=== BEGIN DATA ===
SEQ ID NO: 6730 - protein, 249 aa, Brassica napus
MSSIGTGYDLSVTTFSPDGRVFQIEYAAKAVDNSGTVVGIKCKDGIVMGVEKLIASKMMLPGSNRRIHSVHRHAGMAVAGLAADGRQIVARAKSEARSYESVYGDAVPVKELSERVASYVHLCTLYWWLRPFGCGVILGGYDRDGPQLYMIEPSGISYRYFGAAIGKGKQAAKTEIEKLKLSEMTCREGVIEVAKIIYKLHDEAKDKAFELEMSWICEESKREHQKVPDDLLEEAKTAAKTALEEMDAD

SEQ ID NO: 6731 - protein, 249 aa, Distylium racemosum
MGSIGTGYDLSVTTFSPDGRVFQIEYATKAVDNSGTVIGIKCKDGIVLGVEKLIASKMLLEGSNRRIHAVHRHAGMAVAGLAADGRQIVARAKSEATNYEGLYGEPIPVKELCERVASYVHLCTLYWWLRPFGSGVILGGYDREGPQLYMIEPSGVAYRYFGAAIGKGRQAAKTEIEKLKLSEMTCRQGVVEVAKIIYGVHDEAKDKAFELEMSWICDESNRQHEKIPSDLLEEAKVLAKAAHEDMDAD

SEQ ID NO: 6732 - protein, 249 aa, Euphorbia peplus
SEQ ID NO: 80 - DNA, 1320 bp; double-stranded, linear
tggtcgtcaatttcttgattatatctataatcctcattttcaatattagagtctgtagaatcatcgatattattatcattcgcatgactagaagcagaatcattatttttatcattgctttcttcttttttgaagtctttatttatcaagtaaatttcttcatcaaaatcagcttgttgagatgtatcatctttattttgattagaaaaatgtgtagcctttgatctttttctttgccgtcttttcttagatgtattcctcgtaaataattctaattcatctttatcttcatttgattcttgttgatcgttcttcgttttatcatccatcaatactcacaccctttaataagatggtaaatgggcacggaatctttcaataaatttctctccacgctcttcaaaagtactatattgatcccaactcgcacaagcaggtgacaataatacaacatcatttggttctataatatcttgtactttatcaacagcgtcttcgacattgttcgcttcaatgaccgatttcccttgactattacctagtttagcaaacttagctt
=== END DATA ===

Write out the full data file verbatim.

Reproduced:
SEQ ID NO: 6730 - protein, 249 aa, Brassica napus
MSSIGTGYDLSVTTFSPDGRVFQIEYAAKAVDNSGTVVGIKCKDGIVMGVEKLIASKMMLPGSNRRIHSVHRHAGMAVAGLAADGRQIVARAKSEARSYESVYGDAVPVKELSERVASYVHLCTLYWWLRPFGCGVILGGYDRDGPQLYMIEPSGISYRYFGAAIGKGKQAAKTEIEKLKLSEMTCREGVIEVAKIIYKLHDEAKDKAFELEMSWICEESKREHQKVPDDLLEEAKTAAKTALEEMDAD

SEQ ID NO: 6731 - protein, 249 aa, Distylium racemosum
MGSIGTGYDLSVTTFSPDGRVFQIEYATKAVDNSGTVIGIKCKDGIVLGVEKLIASKMLLEGSNRRIHAVHRHAGMAVAGLAADGRQIVARAKSEATNYEGLYGEPIPVKELCERVASYVHLCTLYWWLRPFGSGVILGGYDREGPQLYMIEPSGVAYRYFGAAIGKGRQAAKTEIEKLKLSEMTCRQGVVEVAKIIYGVHDEAKDKAFELEMSWICDESNRQHEKIPSDLLEEAKVLAKAAHEDMDAD

SEQ ID NO: 6732 - protein, 249 aa, Euphorbia peplus
SEQ ID NO: 80 - DNA, 1320 bp; double-stranded, linear
tggtcgtcaatttcttgattatatctataatcctcattttcaatattagagtctgtagaatcatcgatattattatcattcgcatgactagaagcagaatcattatttttatcattgctttcttcttttttgaagtctttatttatcaagtaaatttcttcatcaaaatcagcttgttgagatgtatcatctttattttgattagaaaaatgtgtagcctttgatctttttctttgccgtcttttcttagatgtattcctcgtaaataattctaattcatctttatcttcatttgattcttgttgatcgttcttcgttttatcatccatcaatactcacaccctttaataagatggtaaatgggcacggaatctttcaataaatttctctccacgctcttcaaaagtactatattgatcccaactcgcacaagcaggtgacaataatacaacatcatttggttctataatatcttgtactttatcaacagcgtcttcgacattgttcgcttcaatgaccgatttcccttgactattacctagtttagcaaacttagctt